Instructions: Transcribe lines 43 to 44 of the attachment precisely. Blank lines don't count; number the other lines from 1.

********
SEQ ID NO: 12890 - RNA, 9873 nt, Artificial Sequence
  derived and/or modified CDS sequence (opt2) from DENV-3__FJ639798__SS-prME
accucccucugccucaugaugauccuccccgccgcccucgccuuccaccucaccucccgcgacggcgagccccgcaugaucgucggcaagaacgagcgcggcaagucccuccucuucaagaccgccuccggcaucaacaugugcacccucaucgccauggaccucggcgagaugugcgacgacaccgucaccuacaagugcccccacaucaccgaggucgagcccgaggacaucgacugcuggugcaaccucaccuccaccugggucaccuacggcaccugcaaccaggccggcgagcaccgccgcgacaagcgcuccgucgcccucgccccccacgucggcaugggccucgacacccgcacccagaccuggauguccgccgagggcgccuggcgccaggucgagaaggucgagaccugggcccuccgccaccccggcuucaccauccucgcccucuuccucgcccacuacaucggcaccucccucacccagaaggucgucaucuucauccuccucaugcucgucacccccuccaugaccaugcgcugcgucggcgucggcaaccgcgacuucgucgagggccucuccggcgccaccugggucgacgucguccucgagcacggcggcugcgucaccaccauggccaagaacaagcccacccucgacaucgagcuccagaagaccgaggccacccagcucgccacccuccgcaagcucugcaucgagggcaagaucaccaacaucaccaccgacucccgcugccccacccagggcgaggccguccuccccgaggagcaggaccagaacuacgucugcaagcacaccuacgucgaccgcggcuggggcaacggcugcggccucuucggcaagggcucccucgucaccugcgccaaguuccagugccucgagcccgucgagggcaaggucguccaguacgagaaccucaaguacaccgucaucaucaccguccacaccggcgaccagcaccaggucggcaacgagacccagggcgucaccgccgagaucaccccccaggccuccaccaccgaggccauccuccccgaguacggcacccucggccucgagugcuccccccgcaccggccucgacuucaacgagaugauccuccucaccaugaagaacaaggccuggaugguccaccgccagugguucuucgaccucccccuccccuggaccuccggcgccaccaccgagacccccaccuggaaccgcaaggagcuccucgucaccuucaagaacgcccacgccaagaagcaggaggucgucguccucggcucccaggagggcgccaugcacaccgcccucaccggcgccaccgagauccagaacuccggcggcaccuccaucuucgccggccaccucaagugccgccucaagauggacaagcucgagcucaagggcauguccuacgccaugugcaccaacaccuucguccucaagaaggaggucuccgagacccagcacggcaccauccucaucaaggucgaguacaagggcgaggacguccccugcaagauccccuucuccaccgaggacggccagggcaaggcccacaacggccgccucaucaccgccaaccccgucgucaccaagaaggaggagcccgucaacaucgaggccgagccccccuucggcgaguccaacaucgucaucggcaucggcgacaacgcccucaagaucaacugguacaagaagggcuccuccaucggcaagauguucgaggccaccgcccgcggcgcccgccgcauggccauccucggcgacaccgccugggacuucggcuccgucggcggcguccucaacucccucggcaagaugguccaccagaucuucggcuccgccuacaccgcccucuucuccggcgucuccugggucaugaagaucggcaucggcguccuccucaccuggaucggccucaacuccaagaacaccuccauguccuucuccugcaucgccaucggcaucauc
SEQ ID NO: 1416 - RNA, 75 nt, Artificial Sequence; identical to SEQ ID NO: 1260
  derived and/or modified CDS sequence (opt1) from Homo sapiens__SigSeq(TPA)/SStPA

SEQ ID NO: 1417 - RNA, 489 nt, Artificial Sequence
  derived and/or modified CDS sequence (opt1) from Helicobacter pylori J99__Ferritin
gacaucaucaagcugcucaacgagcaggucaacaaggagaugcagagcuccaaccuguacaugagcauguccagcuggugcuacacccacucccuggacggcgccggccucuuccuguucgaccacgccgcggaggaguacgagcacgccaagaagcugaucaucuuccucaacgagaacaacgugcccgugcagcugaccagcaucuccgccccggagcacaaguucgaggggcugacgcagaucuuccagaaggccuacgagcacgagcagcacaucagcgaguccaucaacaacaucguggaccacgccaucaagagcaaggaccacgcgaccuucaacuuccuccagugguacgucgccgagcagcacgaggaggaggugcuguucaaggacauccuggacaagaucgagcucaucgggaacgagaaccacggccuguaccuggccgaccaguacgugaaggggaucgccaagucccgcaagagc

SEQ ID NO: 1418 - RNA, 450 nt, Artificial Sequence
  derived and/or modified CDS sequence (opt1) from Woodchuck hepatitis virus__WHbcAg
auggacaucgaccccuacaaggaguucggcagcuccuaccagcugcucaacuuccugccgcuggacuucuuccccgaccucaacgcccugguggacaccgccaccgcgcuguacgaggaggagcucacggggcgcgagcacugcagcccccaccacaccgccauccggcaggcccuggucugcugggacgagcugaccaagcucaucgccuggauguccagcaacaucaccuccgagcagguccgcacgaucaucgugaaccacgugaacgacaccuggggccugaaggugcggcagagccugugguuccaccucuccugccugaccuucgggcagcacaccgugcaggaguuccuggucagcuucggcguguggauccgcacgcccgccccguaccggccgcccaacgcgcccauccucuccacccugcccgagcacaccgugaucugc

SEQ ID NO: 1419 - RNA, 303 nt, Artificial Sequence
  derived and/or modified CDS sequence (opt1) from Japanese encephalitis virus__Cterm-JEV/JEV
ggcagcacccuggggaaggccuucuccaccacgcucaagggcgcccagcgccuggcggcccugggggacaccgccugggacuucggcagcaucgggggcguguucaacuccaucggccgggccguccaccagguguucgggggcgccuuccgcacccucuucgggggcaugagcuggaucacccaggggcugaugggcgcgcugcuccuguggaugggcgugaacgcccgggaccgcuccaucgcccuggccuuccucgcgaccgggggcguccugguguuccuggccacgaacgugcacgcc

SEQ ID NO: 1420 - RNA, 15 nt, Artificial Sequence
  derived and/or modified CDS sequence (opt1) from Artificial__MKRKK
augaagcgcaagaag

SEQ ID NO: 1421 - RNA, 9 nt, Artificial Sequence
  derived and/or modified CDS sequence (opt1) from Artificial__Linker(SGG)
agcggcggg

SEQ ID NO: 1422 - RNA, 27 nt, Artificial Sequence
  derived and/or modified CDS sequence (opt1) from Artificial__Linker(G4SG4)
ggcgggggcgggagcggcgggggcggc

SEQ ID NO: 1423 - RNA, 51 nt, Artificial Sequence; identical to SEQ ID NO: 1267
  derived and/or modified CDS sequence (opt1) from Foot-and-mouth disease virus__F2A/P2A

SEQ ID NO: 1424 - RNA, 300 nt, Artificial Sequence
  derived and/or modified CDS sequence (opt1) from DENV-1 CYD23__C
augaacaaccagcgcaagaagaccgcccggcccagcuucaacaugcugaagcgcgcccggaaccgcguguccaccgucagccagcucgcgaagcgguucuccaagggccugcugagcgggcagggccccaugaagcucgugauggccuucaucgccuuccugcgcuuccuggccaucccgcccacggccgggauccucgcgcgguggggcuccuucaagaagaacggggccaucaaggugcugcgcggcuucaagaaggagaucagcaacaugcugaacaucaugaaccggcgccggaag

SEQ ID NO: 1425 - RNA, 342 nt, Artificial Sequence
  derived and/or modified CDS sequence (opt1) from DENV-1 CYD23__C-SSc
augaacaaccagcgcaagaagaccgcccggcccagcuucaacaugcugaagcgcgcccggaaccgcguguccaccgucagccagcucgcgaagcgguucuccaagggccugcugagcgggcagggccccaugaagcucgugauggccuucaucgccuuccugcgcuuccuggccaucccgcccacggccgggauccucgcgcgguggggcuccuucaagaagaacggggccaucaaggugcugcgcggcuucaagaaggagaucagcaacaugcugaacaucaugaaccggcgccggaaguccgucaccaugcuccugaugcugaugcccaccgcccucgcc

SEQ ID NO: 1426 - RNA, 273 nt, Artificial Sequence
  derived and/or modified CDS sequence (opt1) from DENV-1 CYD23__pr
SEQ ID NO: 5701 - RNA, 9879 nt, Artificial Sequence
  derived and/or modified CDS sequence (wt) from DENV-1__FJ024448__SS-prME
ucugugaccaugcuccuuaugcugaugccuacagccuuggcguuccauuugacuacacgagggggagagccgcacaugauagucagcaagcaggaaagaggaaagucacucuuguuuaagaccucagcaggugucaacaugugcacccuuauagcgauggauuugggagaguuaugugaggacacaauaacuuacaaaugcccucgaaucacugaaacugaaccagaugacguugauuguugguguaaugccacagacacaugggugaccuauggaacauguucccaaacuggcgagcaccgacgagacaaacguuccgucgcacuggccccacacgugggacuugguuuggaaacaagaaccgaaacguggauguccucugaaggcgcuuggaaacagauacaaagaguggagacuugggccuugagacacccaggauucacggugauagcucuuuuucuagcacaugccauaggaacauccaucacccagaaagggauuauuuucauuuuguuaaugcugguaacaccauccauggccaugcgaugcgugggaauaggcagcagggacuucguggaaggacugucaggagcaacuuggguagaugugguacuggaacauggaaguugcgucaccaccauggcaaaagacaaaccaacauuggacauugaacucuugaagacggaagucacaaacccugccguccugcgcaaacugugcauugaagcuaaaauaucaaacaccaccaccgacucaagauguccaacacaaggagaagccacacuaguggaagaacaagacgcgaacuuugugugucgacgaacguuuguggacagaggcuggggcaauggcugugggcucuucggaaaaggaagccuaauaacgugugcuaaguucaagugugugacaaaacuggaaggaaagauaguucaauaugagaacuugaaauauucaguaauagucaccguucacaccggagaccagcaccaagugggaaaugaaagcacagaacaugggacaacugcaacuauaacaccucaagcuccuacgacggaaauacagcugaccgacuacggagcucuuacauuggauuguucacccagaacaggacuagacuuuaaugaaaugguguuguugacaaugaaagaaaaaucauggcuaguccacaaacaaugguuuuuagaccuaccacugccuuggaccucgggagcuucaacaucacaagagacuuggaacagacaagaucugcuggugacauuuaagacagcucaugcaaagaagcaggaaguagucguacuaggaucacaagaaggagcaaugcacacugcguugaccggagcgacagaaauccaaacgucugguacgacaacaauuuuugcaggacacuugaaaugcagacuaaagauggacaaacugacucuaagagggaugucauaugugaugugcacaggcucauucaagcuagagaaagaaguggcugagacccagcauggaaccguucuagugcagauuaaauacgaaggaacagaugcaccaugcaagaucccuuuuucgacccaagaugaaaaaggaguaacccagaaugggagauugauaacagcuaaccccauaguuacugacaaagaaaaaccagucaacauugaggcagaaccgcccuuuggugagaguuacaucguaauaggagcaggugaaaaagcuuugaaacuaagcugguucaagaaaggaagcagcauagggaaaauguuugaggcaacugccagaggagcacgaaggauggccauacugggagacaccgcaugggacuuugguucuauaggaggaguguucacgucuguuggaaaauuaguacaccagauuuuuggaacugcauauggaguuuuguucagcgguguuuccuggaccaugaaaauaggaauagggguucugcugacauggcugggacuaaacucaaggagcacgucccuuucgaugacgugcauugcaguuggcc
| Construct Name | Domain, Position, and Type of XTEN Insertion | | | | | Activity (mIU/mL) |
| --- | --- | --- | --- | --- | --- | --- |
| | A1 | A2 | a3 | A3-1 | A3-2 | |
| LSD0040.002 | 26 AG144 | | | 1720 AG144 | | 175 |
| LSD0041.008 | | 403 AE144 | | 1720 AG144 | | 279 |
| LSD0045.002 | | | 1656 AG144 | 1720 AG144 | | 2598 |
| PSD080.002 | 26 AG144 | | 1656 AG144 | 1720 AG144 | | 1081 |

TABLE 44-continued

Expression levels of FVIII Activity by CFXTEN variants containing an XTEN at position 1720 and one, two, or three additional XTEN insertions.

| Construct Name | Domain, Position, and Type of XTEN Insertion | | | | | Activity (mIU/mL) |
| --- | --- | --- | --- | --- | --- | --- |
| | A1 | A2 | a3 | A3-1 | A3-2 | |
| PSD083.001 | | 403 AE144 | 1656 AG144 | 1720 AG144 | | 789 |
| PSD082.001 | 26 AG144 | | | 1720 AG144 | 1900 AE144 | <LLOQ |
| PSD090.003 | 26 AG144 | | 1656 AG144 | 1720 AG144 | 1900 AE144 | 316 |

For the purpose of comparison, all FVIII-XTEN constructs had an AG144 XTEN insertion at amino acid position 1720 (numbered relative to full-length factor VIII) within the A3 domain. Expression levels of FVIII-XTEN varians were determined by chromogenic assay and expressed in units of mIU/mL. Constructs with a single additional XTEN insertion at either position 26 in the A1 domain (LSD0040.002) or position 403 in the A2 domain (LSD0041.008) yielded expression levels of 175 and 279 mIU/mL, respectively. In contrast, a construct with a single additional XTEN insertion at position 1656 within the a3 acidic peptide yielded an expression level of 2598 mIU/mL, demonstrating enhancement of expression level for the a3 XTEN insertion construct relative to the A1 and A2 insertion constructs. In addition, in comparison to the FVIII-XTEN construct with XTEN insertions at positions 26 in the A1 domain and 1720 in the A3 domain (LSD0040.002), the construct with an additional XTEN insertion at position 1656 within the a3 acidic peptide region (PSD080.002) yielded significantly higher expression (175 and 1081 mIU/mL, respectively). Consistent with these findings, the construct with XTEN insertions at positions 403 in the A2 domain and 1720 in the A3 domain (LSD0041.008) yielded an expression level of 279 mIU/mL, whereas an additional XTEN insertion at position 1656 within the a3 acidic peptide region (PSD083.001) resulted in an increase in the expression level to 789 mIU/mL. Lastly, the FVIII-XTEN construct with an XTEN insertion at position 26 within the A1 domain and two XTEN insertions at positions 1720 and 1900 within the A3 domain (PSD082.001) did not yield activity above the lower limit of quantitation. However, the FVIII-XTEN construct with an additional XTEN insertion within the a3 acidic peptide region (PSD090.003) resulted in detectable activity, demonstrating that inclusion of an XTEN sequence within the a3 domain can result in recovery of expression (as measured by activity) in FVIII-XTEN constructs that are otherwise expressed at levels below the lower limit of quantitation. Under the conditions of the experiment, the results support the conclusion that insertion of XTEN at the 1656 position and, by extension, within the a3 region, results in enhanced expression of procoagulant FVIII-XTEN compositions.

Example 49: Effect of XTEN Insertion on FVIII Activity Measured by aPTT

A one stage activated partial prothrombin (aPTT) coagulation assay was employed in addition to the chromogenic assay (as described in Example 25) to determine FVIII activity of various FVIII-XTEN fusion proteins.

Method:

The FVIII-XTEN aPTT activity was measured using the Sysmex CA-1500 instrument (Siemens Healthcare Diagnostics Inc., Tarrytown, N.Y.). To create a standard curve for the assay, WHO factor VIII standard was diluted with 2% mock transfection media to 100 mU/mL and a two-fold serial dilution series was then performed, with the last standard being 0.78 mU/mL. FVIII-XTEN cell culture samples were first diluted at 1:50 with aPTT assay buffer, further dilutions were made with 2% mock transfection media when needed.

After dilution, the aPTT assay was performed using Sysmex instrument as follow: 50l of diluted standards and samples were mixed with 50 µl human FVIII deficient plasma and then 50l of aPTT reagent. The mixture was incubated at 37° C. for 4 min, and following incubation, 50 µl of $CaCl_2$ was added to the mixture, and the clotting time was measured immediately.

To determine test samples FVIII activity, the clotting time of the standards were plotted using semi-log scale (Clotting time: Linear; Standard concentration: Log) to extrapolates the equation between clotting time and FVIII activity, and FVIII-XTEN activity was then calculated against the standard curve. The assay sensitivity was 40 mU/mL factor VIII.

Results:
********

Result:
| PSD080.002 | 26 AG144 | | 1656 AG144 | 1720 AG144 | | 1081 |

TABLE 44-continued